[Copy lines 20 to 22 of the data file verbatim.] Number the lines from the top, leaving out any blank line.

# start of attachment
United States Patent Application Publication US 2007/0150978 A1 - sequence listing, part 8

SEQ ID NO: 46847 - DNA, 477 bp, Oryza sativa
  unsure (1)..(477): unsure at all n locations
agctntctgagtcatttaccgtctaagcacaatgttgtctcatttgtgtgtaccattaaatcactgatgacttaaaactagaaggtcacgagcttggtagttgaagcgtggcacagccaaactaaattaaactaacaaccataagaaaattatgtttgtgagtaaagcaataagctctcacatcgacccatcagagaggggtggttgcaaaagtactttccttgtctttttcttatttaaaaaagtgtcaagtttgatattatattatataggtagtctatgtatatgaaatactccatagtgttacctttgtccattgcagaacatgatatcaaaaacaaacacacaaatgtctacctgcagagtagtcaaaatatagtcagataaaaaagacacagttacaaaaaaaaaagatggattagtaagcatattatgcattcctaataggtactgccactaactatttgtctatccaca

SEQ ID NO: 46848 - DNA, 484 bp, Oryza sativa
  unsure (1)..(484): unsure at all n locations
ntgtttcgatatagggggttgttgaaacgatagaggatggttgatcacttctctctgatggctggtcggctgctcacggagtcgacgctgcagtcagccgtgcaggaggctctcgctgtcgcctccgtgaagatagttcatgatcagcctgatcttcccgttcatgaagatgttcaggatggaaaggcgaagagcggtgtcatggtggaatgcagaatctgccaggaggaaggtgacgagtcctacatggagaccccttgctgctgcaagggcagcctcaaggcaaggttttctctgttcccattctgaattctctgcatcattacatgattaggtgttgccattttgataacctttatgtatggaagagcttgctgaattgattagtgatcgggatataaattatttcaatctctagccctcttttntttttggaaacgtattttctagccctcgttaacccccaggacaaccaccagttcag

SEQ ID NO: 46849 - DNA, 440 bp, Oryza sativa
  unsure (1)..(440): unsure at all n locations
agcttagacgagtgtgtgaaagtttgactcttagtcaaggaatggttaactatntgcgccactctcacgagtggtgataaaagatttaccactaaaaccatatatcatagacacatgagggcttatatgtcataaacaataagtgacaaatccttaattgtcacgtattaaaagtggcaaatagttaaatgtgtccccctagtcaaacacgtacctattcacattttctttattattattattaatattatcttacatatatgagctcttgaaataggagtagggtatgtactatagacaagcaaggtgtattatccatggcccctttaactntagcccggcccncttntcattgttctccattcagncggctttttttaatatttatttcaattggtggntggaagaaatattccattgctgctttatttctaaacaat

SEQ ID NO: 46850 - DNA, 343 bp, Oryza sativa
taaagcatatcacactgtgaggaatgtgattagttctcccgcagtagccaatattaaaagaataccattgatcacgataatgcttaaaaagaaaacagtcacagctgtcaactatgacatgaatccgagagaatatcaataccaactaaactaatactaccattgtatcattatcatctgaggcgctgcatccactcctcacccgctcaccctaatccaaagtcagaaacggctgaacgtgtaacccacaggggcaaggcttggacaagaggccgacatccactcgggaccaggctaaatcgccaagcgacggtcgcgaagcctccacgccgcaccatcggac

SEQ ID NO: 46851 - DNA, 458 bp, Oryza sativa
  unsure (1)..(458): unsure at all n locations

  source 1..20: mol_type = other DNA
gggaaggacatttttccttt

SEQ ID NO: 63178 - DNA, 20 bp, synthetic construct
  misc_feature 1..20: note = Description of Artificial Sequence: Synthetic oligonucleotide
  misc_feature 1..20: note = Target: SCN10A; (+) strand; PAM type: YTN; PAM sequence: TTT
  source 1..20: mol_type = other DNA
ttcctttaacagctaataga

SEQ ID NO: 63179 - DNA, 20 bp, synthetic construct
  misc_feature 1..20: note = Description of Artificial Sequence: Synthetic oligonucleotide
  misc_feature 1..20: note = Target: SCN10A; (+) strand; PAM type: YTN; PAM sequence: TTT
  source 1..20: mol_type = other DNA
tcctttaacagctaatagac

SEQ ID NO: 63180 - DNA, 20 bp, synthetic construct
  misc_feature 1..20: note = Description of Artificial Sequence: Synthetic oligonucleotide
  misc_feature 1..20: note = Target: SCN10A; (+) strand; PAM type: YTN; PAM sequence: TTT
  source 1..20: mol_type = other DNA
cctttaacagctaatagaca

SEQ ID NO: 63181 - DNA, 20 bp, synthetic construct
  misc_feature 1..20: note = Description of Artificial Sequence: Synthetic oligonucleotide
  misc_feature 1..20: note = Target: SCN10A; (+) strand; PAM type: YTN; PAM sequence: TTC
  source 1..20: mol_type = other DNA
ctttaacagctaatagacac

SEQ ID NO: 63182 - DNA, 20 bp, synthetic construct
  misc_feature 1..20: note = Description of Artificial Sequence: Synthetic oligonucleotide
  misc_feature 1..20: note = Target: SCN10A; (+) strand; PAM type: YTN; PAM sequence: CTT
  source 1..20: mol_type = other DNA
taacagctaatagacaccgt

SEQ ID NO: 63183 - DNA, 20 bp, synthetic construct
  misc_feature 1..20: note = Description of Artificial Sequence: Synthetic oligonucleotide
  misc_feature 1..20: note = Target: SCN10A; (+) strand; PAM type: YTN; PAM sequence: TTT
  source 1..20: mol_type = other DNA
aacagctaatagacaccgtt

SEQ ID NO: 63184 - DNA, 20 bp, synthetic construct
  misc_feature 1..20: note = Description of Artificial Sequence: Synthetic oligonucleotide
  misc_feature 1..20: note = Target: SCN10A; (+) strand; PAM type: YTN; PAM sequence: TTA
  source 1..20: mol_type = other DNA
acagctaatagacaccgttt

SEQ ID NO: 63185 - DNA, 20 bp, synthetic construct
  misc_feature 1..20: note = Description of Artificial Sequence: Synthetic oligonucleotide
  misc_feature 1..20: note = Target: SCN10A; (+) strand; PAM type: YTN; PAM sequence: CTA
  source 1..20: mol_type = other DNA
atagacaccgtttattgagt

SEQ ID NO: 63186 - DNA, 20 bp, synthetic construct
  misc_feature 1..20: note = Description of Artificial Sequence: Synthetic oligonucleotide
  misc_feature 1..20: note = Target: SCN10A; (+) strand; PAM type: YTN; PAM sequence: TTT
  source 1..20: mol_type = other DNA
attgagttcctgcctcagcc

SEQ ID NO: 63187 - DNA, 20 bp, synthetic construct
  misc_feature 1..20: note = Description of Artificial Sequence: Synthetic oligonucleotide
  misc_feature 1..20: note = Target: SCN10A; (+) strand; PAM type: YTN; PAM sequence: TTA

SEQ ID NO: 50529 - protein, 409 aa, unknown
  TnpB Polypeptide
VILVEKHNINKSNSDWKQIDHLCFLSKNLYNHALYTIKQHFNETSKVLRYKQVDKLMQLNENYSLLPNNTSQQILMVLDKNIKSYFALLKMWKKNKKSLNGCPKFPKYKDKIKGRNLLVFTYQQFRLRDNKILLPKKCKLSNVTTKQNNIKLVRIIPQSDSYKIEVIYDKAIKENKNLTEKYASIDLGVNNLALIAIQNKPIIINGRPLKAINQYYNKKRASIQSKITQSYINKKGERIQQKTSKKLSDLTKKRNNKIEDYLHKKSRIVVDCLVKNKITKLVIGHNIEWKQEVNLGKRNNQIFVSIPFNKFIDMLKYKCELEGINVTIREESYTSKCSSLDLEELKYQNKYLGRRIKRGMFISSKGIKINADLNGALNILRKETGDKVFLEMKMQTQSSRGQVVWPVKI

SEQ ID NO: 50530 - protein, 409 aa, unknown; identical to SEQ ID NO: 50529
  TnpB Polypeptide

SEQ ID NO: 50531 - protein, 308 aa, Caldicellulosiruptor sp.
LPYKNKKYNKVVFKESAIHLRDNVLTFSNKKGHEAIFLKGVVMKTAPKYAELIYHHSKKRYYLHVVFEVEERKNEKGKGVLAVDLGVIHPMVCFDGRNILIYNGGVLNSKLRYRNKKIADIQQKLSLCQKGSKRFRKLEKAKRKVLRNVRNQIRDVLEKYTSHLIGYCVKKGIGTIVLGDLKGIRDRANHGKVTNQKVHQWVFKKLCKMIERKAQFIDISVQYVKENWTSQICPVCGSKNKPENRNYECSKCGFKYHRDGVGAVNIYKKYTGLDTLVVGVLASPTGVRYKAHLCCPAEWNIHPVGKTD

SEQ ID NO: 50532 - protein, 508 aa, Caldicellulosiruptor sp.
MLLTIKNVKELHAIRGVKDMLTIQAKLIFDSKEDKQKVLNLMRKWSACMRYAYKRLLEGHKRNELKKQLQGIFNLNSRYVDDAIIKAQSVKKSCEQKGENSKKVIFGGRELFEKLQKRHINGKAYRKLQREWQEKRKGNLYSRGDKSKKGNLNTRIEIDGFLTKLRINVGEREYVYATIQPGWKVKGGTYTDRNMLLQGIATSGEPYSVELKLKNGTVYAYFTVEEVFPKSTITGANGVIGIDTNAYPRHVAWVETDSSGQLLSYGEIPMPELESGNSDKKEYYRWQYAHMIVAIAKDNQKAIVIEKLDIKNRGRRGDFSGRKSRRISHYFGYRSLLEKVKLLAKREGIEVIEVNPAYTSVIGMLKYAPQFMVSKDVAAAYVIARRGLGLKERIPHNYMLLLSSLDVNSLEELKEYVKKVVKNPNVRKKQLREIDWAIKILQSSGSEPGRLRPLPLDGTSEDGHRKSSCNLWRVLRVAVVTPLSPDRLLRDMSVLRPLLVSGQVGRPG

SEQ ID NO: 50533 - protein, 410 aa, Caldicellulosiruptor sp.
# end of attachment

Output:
  source 1..20: mol_type = other DNA
ttcctttaacagctaataga

SEQ ID NO: 63179 - DNA, 20 bp, synthetic construct